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September quarter results worst since '08

THE world's sharemarkets suffered their worst quarterly result since the peak of the global financial crisis, posting double-digit percentage losses as the sovereign debt crisis in Europe and fears of a global slowdown overshadowed efforts by the US to pull out of its malaise.

THE world's sharemarkets suffered their worst quarterly result since the peak of the global financial crisis, posting double-digit percentage losses as the sovereign debt crisis in Europe and fears of a global slowdown overshadowed efforts by the US to pull out of its malaise.

Australia was caught up in the global sell-off, notching-up losses of 12.7 per cent during the quarter, pulling down superannuation returns.

The poor performance was driven by European markets, with London's FTSE down 13.7 per cent over the third quarter - its worst quarter in nearly a decade - and the DAX in Germany slumping 26 per cent.

In the US, spurred on by a heavy 2.2 per cent sell-down on Friday, the Dow Jones recorded a quarterly loss of 12.1 per cent, capping its worst quarterly loss since the end of 2008.

Investors globally dumped stocks during the September quarter, concerned that Europe's debt crisis was spreading out of control, threatening to hurt growth even across Asia's stronger economies.

"Europe sits precariously on the edge of a recession," AMP Capital's senior economist, Bob Cunneen, said. "Essentially, financial markets need to see a more convincing resolution of Europe's sovereign debt woes through a combination of a larger bailout fund, aggressive central bank buying of vulnerable debt and a recapitalisation of the European banking system."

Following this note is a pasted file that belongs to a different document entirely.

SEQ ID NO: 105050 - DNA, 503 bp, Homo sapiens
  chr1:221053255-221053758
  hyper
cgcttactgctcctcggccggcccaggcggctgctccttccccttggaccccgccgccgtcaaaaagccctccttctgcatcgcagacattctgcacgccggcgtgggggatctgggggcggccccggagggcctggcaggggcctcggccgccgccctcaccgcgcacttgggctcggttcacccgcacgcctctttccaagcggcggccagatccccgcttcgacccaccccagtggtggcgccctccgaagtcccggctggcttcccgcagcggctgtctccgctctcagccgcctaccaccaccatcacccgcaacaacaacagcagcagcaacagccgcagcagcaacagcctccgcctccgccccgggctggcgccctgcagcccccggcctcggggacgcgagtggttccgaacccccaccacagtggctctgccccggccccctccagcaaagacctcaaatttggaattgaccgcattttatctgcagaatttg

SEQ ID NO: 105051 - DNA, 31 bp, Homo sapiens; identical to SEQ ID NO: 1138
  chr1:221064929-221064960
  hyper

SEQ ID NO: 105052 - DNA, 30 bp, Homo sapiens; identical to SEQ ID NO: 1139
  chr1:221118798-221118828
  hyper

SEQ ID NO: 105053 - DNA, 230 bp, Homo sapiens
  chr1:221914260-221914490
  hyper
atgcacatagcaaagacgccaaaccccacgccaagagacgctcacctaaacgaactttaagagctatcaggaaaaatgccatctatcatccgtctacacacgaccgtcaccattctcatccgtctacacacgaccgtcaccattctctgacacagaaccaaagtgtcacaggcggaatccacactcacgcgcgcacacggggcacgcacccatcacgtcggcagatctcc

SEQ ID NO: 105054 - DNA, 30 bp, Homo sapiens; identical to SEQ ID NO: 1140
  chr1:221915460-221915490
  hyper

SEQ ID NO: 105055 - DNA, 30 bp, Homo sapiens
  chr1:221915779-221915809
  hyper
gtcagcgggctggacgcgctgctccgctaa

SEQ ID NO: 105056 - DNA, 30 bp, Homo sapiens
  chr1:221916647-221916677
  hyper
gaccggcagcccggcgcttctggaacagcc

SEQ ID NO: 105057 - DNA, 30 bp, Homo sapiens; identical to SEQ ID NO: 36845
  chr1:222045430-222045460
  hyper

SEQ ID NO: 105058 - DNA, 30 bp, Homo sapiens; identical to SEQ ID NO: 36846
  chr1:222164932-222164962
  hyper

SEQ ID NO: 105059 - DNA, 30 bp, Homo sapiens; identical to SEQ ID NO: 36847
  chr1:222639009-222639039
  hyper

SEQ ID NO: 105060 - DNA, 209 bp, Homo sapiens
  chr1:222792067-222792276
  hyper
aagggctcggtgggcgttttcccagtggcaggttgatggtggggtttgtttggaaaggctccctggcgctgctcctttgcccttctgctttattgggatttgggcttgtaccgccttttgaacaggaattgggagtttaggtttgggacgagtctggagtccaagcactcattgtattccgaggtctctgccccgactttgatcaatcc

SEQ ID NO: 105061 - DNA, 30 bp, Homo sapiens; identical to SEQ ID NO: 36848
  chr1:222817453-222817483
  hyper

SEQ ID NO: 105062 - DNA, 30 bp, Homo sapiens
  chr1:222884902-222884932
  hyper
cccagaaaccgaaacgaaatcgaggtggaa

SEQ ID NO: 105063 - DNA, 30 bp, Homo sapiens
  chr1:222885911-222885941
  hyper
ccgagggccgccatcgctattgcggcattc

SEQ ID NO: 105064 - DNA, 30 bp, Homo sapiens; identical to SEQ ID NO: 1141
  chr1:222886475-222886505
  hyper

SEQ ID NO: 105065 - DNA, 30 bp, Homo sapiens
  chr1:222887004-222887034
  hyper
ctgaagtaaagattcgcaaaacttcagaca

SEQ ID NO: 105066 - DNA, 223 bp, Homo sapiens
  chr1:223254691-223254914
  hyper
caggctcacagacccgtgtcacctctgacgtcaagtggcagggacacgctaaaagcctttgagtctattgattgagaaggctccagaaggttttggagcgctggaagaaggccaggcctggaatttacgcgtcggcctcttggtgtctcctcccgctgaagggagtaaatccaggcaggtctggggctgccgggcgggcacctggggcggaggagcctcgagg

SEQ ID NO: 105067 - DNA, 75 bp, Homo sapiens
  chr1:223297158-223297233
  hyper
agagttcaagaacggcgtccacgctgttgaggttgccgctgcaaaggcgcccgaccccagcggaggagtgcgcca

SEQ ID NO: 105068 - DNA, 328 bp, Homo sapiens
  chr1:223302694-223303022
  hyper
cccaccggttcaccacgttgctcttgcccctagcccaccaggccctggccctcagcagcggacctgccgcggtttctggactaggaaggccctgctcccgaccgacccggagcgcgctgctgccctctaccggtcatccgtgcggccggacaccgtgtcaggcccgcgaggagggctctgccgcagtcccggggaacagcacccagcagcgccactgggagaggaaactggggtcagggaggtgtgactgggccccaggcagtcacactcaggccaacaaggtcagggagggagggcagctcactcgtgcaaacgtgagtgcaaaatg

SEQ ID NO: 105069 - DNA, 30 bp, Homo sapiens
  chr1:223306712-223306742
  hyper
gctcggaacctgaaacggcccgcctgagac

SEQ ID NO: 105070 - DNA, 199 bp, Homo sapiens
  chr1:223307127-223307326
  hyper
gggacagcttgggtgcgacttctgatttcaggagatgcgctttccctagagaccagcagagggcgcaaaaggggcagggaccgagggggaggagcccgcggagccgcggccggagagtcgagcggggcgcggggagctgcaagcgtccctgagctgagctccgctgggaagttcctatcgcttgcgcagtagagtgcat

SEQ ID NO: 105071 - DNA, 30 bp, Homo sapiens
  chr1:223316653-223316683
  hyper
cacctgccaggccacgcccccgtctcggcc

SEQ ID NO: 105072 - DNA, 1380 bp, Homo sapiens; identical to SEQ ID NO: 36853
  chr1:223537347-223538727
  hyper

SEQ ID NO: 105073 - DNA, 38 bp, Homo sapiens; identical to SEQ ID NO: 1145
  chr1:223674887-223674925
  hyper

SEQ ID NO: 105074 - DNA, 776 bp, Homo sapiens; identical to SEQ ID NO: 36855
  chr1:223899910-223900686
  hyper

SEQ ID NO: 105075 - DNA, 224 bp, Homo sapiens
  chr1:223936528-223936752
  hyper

Figures released on Friday showed annual inflation across the euro zone jumped unexpectedly to 3 per cent in September from 2.5 per cent in August creating a dilemma for the European Central Bank chief, Jean-Claude Trichet, who chairs his final policy meeting this week.

Mr Trichet must now make a difficult call on whether to reduce interest rates to face a weak economy despite rising prices. With firm hopes by investors that major central banks ease monetary policy in an effort to rekindle growth, inflation creeping up in the euro zone is sure to disappoint as it probably makes a rate cut from the ECB less likely.

The rising outlook for Europe's inflation comes on the heels of reports in the past week showing declining consumer confidence in Europe and evidence that much of the regional economy is slowing.


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